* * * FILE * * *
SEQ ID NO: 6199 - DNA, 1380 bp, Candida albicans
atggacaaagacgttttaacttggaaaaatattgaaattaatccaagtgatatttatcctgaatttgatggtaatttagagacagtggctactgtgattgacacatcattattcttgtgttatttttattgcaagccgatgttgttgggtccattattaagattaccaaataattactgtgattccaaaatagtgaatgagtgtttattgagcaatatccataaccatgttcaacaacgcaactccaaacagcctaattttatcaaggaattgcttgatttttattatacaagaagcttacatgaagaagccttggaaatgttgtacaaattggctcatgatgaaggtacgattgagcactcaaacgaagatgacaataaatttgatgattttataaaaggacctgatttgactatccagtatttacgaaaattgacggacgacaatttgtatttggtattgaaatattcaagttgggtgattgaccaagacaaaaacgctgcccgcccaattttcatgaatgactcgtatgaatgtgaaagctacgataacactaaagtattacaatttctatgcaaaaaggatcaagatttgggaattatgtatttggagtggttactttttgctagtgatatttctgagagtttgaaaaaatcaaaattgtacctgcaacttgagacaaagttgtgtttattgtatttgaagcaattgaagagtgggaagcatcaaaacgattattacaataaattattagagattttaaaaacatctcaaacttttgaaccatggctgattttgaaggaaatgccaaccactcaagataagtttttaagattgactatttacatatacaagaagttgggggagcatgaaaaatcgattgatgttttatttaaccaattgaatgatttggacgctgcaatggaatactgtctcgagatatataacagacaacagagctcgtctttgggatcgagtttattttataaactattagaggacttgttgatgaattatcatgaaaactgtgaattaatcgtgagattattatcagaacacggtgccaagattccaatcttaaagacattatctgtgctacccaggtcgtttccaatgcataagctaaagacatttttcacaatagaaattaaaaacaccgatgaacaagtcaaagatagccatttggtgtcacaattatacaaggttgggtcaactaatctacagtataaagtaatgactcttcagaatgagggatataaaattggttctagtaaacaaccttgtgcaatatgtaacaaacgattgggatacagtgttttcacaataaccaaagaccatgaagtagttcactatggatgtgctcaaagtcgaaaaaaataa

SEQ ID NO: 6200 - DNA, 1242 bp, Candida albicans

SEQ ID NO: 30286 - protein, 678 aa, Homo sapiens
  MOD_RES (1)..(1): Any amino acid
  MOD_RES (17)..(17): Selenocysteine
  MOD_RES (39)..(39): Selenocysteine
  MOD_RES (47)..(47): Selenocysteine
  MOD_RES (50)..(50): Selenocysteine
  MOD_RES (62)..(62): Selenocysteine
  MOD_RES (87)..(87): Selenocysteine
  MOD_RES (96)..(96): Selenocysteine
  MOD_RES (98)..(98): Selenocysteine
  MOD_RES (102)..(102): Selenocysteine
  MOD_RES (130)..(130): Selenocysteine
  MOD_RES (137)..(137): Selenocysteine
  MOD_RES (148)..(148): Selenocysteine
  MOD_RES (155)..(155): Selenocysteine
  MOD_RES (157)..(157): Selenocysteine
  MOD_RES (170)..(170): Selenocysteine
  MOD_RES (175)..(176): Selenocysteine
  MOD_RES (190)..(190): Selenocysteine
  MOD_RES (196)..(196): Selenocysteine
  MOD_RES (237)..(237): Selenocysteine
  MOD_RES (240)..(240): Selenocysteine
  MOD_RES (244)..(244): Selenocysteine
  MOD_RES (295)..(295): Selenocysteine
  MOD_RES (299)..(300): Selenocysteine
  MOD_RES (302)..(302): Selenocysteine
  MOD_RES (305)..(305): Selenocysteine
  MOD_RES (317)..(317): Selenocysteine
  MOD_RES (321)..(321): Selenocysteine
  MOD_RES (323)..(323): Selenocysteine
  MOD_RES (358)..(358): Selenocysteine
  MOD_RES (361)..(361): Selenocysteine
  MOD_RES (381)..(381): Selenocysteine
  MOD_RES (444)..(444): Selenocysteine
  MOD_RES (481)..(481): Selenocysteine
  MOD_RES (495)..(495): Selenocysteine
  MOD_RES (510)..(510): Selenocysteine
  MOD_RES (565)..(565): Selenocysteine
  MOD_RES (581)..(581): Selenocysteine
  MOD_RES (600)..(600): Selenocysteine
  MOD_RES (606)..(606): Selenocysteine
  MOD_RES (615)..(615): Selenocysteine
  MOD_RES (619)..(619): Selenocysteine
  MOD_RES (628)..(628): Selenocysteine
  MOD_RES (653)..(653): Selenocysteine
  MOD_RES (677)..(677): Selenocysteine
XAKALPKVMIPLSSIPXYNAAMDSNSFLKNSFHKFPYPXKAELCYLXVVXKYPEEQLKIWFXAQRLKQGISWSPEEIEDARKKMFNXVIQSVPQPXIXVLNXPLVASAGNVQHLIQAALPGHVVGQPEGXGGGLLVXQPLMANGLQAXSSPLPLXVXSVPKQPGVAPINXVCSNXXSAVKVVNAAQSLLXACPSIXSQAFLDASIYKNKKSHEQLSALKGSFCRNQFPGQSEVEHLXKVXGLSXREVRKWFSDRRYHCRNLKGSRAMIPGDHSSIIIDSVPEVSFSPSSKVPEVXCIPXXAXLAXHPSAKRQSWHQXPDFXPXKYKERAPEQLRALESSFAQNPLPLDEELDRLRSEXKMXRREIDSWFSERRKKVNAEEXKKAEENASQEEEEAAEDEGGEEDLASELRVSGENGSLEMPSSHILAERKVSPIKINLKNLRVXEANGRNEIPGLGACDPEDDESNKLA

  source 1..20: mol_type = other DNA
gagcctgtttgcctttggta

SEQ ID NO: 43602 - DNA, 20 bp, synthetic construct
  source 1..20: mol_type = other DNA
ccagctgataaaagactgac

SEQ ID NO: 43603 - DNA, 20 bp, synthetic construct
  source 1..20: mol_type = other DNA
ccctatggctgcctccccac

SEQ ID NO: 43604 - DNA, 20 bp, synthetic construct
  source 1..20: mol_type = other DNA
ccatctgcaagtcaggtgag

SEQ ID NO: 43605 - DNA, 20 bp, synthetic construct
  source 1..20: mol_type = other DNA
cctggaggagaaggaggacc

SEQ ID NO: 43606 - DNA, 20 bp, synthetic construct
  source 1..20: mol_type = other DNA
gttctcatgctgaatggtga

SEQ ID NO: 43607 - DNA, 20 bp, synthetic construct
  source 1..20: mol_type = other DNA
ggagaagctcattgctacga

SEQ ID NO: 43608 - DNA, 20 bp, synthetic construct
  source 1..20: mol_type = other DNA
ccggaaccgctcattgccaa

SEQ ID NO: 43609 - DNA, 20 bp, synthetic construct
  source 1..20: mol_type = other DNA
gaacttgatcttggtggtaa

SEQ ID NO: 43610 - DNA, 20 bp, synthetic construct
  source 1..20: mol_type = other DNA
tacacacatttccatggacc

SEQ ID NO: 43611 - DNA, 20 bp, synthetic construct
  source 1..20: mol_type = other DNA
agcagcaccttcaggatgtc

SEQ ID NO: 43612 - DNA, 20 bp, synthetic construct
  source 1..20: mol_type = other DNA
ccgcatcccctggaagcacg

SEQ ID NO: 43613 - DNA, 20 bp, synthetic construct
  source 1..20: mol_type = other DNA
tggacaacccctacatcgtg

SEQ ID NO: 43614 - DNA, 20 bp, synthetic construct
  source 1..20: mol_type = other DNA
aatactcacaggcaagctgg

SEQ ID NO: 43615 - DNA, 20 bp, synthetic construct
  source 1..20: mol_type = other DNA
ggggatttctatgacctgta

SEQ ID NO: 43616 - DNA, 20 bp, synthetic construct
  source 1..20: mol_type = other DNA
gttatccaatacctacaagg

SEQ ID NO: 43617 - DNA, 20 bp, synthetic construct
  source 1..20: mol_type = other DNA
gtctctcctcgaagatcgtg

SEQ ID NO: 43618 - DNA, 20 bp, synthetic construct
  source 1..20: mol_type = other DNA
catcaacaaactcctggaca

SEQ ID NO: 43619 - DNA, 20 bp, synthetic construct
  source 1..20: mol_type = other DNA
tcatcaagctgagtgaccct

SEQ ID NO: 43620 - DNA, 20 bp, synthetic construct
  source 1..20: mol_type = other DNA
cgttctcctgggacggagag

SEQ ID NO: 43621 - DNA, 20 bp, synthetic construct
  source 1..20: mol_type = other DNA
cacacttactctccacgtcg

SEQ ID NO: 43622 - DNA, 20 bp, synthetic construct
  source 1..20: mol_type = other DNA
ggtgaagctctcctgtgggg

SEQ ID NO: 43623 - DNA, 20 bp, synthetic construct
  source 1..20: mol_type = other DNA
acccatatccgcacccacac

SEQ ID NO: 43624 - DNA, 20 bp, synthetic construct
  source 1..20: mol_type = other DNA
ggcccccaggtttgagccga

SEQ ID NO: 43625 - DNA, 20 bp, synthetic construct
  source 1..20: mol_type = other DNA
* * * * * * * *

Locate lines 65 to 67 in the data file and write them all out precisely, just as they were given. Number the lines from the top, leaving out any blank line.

SEQ ID NO: 43606 - DNA, 20 bp, synthetic construct
  source 1..20: mol_type = other DNA
gttctcatgctgaatggtga